The trend, statewide and nationally, seems to be in favor of legalized marijuana. In a Gallup poll in October, 64 percent of those polled said the drug should be legal, including 51 percent of Republicans polled.
“I think U.S. Attorneys and federal prosecutors are also going to have to take that into consideration when they prioritize in terms of prosecutions,” Grieco said. “It’s hard to imagine that some of these prosecutors, in states where the programs are operating and appear to be popular, that they’re going to want to suddenly disrupt that industry and have to focus on something that doesn’t seem to be a serious crime problem.”
He said he’s skeptical that U.S. Attorneys will go after legal marijuana use unless Sessions gives a clearer directive to federal prosecutors.
“I’m speculating, however, just like everybody else,” he said.
During the 2016 presidential election, then-candidate Donald Trump said he would leave the question of legalizing marijuana up to the states. But now his administration is singing a different tune. In February, then-White House Press Secretary Sean Spicer acknowledged that Trump supported medical marijuana, but he pointed out that the administration viewed recreational use of the drug differently.
Medical marijuana use is “very different than the recreational use, which is something the Department of Justice, I think, will be further looking into,” Spicer said at the time.
If prosecutions were to start happening, Grieco said it would be “extremely disruptive” to the legal marijuana industry. Even if the prosecution didn’t occur in New York, it could affect New York growers and distillers.
“It can make it obviously difficult for them to operate their businesses just because of the uncertainty,” he said. “Uncertainty is generally bad for any business; uncertainty in terms of whether or not your business is going to be shut down by the federal government for committing a felony is a pretty significant uncertainty a business has to think about.”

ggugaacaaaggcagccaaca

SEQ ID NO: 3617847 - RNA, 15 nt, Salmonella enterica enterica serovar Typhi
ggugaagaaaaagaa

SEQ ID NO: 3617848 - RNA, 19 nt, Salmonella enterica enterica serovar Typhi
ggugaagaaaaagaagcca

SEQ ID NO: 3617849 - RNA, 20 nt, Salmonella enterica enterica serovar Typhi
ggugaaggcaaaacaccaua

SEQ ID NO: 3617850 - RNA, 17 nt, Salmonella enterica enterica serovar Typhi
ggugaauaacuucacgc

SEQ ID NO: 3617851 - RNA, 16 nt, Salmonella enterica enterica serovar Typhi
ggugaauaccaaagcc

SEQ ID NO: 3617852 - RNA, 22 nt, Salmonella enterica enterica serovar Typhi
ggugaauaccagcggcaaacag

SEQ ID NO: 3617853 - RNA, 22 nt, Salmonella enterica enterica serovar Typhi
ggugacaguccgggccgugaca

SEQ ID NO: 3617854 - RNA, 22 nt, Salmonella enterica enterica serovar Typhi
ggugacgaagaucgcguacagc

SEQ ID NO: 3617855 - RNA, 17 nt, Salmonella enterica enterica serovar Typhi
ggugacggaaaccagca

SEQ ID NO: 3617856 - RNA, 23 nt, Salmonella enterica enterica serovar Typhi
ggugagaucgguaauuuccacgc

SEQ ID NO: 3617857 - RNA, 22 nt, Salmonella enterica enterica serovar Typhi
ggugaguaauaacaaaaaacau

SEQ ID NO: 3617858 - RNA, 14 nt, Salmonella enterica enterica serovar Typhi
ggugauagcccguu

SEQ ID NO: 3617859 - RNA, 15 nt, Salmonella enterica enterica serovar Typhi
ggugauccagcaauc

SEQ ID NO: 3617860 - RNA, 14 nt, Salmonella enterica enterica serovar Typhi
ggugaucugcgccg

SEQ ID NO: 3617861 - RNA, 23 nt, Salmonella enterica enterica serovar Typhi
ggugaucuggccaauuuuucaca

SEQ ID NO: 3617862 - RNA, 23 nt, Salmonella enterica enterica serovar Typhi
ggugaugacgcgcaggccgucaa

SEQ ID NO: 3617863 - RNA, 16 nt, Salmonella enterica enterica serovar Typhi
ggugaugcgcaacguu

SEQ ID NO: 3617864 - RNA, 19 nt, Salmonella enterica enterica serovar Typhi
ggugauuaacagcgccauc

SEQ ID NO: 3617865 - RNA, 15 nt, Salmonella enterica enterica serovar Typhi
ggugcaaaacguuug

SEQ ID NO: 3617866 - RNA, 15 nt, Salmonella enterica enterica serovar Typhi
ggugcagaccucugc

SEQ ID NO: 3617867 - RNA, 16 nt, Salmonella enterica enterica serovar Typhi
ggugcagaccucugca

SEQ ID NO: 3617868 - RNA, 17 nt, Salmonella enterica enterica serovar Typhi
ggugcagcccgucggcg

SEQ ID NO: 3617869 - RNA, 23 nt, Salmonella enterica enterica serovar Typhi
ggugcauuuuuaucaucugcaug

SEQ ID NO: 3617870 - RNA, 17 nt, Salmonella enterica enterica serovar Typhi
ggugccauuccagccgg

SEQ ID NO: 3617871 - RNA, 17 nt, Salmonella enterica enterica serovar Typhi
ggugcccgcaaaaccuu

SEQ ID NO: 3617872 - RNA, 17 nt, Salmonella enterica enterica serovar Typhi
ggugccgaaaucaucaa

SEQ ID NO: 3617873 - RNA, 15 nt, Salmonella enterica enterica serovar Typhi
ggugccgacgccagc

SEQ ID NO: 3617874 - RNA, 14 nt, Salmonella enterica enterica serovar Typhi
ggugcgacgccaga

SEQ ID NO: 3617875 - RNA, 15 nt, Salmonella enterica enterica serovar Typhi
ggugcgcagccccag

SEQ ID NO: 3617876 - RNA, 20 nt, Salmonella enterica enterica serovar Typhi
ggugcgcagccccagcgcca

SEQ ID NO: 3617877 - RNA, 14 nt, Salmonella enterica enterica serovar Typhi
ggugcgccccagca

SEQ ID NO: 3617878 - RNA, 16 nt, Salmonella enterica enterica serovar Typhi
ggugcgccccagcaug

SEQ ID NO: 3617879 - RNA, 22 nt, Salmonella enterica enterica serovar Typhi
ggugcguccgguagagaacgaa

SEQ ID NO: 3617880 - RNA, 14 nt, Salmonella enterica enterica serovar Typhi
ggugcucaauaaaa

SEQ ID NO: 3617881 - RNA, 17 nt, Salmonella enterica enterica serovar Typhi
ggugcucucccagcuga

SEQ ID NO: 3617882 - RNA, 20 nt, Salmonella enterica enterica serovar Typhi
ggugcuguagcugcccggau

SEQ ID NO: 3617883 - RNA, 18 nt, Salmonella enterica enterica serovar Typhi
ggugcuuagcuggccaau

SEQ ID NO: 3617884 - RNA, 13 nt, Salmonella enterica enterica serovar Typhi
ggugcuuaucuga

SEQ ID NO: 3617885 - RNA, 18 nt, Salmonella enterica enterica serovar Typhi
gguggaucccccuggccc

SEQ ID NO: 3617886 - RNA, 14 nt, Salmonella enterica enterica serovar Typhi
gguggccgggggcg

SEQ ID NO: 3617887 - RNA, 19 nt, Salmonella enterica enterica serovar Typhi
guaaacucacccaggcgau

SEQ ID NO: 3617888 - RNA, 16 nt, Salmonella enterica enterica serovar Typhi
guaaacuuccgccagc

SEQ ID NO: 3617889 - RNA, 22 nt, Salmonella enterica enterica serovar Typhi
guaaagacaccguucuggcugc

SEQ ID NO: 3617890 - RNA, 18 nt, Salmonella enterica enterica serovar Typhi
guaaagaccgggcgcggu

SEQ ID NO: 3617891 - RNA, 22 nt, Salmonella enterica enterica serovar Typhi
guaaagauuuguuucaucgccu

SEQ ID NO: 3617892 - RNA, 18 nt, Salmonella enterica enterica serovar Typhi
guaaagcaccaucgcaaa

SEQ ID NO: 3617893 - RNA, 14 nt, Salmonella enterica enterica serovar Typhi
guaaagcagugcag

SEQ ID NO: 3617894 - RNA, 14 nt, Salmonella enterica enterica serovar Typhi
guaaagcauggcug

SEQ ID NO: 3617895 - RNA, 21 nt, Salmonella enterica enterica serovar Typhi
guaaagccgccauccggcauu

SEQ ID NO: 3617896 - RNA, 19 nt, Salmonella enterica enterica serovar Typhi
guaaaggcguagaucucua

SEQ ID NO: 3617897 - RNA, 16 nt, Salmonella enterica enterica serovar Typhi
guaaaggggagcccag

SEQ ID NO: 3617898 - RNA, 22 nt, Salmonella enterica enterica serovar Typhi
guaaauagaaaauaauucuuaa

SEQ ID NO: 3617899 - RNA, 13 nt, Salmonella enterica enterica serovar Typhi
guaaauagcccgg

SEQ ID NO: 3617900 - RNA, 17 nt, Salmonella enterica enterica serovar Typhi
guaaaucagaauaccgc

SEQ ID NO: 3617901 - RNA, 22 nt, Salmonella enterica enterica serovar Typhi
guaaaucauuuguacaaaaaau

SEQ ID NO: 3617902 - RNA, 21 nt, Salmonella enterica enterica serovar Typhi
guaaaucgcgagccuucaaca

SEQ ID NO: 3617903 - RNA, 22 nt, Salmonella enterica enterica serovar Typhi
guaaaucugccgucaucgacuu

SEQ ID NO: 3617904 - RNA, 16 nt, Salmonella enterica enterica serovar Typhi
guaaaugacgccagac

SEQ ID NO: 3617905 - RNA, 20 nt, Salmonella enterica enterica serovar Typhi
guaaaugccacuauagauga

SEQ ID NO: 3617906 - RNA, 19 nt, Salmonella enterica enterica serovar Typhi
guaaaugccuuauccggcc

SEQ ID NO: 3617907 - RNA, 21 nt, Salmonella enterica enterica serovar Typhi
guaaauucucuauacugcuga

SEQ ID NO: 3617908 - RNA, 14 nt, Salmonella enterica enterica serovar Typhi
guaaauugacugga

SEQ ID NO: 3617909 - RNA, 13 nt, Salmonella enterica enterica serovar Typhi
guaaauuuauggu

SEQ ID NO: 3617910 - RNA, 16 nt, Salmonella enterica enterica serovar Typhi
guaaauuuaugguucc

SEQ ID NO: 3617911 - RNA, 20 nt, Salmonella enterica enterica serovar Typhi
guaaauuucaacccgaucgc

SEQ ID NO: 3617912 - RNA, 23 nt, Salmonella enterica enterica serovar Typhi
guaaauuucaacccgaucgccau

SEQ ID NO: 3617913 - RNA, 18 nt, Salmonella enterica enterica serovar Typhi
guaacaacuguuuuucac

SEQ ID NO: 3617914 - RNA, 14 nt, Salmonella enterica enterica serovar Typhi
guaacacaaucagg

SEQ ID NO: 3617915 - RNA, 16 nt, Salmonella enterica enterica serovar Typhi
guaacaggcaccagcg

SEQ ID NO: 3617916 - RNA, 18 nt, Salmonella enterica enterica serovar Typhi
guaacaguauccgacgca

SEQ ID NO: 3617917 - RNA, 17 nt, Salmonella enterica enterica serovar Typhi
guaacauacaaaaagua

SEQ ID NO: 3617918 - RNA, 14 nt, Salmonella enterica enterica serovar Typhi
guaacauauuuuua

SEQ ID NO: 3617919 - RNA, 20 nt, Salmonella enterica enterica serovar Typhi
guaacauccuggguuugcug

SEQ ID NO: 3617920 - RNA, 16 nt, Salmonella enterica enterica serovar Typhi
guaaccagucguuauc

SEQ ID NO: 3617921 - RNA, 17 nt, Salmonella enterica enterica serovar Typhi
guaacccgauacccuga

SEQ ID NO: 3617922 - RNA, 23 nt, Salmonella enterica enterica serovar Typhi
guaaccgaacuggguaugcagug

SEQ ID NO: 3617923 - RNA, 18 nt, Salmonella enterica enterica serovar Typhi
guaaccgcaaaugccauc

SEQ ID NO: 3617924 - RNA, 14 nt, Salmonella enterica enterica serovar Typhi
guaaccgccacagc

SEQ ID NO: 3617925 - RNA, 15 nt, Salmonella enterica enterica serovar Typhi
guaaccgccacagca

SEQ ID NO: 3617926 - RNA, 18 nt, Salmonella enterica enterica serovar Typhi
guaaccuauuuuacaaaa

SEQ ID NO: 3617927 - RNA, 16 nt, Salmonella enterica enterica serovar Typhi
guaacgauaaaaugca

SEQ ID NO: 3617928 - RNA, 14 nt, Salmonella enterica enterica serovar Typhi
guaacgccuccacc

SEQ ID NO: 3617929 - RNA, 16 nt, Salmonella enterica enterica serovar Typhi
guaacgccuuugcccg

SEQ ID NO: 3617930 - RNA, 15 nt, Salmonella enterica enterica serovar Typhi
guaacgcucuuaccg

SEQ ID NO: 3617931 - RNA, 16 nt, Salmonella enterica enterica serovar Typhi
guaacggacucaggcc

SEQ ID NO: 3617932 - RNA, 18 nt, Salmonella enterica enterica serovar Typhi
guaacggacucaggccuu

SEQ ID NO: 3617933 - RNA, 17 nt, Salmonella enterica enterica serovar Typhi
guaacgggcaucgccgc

According to Grieco, legalizing marijuana would enable the government to regulate something that has been around since before the country was founded and isn’t likely to go away because it’s illegal.
“It never has,” he said.
Regulating the drug allows for tax revenue and the ability to control the quality of the substance, Grieco said. That way, the government can ensure that a safe product is sold.
“You can keep it out of the hands of illegal businesses and all of the things that go along with that like violence and crime,” he said. “I do think there is a politically conservative case to be made for legalization, as well. I think that’s why you see it crossing party lines quite a bit.”
The irony is that medical marijuana can provide relief for chronic pain, he said, as opposed to taking opiates.
“It can be an effective, and much less addictive and dangerous, pain medication,” Grieco said. “That’s what it’s used for primarily in New York state.”
Prosecuting marijuana at the federal level could be counterproductive to combatting the opioid epidemic, he added.
“People who are in pain are going to look for something to relieve that pain,” he said. “There’s certainly an argument to be made that access to regulated cannabis, like New York does it, is certainly much safer than a lot of the opioids.”